Friday, March 18, 2011

Bumped by Megan McCafferty

First, I need to apologize for the length of time since my last post. I'm taking cataloging this semester and it is kicking my butt! The workload is unbelievable and the professor just doesn't explain anything, so I'm doing double work because I have to teach myself how to do stuff before I do it! : )

Anyway, enough of my whining and on to the review!

When a virus makes everyone over the age of eighteen infertile, would-be parents are forced to pay teen girls to conceive and give birth to their children, making teens the most prized members of society.

Sixteen-year-old identical twins Melody and Harmony were separated at birth and had never met until the day Harmony shows up on Melody’s doorstep. Until now, the twins have followed completely opposite paths. Melody has scored an enviable conception contract with a couple called the Jaydens. While they are searching for the perfect partner for Melody to bump with, she is fighting her attraction to her best friend Zen, who is way too short for the job.

Harmony has spent her whole life in religious Goodside, preparing to be a wife and mother. She believes her calling is to bring Melody back to Goodside and convince her that “pregging” for profit is a sin. But Harmony has secrets of her own that she is running from.

When Melody is finally matched with the world-famous, genetically flawless Jondoe, both girls’ lives are changed forever. A case of mistaken identity takes them on a journey neither could have ever imagined, one that makes Melody and Harmony realize they have so much more than just DNA in common. (picture and summary from

My Review
I’m not sure how to review this book.  So I’m going to review in a couple sections:  story, characters and writing style.

The story was very, very good.  It was an interesting concept to think that everyone would WANT teen pregnancies and encourage them.  That is one of the things that attracted me to this book and I loved watching the whole story play out.  In fact, I was so enthralled with the story by the end that I was horrified by the cliffhanger ending and wanted to stomp my feet and pitch a temper tantrum like my 3 year old. (I know, it doesn’t help.  But it would have made me feel better!)  It took me a while to get into the story, but once I did get caught up in it, I found the book hard to put down.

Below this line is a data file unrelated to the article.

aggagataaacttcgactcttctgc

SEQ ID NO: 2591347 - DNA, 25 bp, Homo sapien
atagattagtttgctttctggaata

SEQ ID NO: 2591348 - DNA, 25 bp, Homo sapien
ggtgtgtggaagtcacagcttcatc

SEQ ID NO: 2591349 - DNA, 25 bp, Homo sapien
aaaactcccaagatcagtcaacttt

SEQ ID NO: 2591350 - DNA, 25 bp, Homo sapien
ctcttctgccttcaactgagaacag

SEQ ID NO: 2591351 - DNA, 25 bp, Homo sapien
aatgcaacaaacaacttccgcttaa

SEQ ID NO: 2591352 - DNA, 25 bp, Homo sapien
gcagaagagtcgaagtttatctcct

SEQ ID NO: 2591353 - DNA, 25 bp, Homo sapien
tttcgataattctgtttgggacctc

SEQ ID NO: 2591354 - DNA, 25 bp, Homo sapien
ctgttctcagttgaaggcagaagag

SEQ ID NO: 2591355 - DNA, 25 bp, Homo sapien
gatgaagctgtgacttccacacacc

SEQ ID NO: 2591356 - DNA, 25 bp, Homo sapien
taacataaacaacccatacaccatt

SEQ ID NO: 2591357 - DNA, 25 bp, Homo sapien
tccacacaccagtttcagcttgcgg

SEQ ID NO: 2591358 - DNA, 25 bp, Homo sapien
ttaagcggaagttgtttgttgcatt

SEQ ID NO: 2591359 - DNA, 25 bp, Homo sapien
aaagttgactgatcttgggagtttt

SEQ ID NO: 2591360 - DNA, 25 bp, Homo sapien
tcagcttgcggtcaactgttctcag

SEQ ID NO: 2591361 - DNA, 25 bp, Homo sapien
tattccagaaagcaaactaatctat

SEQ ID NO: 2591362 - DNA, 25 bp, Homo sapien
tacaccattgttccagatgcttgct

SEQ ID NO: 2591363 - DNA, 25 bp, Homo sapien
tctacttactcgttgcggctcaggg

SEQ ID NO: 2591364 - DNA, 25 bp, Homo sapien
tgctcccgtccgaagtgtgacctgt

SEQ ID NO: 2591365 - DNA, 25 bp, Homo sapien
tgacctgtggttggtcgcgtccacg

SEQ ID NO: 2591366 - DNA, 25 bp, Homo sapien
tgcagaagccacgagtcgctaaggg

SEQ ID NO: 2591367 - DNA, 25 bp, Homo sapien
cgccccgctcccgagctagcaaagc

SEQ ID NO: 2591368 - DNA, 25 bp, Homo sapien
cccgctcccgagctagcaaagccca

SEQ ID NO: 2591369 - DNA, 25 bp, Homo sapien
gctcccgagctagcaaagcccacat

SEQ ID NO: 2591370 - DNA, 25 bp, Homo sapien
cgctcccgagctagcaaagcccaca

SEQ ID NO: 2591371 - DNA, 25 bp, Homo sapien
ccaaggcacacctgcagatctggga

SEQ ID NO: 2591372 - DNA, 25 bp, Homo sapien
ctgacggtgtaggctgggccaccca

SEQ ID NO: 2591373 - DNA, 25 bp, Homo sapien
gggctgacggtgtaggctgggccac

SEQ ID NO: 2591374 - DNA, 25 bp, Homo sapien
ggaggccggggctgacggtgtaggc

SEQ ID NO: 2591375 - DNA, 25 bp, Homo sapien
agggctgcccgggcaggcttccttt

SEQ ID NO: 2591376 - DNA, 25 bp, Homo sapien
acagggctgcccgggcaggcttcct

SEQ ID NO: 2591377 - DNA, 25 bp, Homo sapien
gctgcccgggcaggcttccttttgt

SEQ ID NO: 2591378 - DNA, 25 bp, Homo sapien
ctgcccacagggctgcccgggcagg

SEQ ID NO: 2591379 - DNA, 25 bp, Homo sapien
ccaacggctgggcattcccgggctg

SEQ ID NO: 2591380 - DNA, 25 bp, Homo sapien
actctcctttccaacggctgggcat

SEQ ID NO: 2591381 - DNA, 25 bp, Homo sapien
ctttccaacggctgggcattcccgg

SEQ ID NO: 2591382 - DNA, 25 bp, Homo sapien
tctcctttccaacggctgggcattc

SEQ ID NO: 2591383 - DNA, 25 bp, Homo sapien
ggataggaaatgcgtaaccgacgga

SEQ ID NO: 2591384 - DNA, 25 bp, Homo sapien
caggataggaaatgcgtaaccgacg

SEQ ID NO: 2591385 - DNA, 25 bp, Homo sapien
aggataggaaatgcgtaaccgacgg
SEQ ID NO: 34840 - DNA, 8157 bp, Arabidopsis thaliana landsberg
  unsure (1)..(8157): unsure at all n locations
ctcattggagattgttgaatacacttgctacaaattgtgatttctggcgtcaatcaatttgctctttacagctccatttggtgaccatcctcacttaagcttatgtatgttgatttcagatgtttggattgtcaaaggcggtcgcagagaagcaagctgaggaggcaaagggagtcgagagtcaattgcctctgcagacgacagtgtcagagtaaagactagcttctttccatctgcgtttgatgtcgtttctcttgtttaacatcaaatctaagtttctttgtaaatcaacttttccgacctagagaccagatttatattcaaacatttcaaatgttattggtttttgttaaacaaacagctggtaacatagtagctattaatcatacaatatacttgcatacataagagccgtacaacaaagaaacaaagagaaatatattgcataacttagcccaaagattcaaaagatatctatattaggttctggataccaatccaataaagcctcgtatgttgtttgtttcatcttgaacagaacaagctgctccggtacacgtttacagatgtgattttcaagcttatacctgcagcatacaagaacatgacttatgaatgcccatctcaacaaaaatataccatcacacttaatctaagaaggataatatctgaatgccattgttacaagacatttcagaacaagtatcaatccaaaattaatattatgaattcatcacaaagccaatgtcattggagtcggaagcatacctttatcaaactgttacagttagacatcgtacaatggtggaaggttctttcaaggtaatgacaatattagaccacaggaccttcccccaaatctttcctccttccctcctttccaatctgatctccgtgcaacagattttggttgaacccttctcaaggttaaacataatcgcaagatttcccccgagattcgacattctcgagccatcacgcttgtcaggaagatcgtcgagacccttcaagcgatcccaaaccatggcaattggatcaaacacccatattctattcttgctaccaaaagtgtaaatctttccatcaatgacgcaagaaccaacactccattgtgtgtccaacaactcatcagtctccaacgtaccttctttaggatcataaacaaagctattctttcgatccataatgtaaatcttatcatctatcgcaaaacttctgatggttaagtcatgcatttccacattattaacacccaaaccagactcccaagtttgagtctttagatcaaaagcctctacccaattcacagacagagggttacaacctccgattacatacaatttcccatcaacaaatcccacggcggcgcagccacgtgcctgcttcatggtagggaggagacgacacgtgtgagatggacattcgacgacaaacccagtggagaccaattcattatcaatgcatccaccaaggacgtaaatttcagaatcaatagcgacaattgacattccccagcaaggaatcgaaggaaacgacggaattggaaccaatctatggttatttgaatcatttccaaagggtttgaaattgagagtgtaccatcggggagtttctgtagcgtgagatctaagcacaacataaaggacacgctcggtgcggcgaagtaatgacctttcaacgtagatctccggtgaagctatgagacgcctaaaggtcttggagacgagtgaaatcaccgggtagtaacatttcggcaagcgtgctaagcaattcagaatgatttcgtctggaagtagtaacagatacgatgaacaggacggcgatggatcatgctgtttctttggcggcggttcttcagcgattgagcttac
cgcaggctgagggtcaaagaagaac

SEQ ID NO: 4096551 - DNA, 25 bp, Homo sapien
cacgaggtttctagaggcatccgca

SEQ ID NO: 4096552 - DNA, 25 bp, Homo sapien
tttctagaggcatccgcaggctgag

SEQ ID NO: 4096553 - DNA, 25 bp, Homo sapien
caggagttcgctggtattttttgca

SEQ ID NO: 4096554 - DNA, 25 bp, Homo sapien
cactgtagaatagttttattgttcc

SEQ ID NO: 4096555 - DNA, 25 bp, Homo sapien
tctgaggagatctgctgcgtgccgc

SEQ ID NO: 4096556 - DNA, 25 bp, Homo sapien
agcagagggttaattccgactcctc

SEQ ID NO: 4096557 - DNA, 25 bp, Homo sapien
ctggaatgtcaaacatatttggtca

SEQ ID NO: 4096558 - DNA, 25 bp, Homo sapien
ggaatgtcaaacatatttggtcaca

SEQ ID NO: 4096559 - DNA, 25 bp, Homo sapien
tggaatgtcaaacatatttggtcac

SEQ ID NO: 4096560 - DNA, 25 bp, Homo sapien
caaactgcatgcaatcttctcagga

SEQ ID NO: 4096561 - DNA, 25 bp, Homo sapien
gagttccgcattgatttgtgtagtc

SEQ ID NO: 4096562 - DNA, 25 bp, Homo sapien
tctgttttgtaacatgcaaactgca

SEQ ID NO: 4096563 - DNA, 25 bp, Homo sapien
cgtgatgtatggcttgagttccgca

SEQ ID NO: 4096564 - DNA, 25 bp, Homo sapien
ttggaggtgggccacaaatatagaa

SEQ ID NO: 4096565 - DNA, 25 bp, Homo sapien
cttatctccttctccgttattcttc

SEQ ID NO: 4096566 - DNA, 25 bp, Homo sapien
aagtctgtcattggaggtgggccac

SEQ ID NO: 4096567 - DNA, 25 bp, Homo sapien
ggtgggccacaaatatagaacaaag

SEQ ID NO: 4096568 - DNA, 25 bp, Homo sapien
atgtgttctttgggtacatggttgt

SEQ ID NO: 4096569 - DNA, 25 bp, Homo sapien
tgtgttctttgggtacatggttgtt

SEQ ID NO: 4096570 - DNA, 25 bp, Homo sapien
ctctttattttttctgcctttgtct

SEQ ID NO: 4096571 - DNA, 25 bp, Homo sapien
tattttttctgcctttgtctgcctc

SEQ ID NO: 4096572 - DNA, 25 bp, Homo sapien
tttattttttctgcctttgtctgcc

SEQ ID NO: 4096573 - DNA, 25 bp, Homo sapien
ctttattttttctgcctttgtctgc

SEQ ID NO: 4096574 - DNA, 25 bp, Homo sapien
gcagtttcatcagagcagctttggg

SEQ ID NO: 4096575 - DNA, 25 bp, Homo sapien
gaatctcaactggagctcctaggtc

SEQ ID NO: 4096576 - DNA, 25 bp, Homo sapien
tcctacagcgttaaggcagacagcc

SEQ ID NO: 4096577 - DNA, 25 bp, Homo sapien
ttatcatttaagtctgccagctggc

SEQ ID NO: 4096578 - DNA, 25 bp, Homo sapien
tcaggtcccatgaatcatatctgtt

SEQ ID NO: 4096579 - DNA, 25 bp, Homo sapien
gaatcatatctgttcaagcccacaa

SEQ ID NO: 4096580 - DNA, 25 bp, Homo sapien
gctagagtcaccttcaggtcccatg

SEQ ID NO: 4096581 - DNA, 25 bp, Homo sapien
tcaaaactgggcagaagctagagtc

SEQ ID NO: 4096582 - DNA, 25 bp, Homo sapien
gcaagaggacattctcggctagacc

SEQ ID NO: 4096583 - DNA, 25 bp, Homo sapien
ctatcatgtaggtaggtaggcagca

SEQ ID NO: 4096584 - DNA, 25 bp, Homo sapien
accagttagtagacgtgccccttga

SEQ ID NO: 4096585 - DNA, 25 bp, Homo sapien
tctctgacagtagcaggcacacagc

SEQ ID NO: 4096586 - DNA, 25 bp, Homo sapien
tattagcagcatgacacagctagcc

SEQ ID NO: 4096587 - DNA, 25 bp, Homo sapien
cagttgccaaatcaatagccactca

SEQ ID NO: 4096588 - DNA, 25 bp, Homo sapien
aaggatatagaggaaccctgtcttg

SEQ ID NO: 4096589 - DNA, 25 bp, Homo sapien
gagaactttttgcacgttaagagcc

The characters were great.  I loved Harmony and Melody and it was great to see how each of them grew and changed throughout the book.  I really liked Zen and Jondoe.  The mean girls were perfect, because every high school book needs those mean girls, right?  I was hoping for more from Ram and I’m hoping that in the next book I will see the development I want from his character.

So, some of you are probably wondering what the problem is?  I mean, the story is fine and the characters are interesting.  The problem that I had was with the writing style.  I felt like the author tried too hard to capture “teen speak”.  And I HATE that!  It is so obvious when an adult is trying to sound like a teenager.  Maybe it’s because I spend all day with teens, but I know when the teen talk is being forced and in this case, it was WAY forced!  I think it’s because it was overdone.  And cheesy.  For example, there was a play on the Fergie song “Fergilicious” and it turned into “Fertilicious”.  Really?  Not only is that silly, but it will easily date the book.  After all, my 13 year old thinks that songs from 6 months ago are “old”, so that makes any pop culture reference obsolete before the book even makes it onto a shelf.

The other reason that “teen speak” bothers me is because I think it is patronizing.  The teens that I teach don’t need to be spoken down to.  They may have their own lingo, but they understand plain English as well!  And especially teens that read.  Many of them don’t use typical teen slang like some of their peers.  The use of that slang/lingo is not going to suddenly make teens who don’t read want to, and I think teens that do read will be slightly insulted by the use of it.  Teens are intelligent and authors should bear that in mind.  And I still maintain that no 30-something will get the teen lingo right.  It just sounds forced.

So, once I got past the whole “author trying to sound like a teenager” thing, I enjoyed the book.  But authors need to for reals not talk that way because it is sooooooo epic fail!  (See how silly I sound??) : )

My grade for this book?  Probably a B.  The story was fun, interesting and good food for thought.  Once I got past the teen speak.  Totally…….

This book will be available on April 26th.  Thanks to HarperCollins and netgalley for the ARC!

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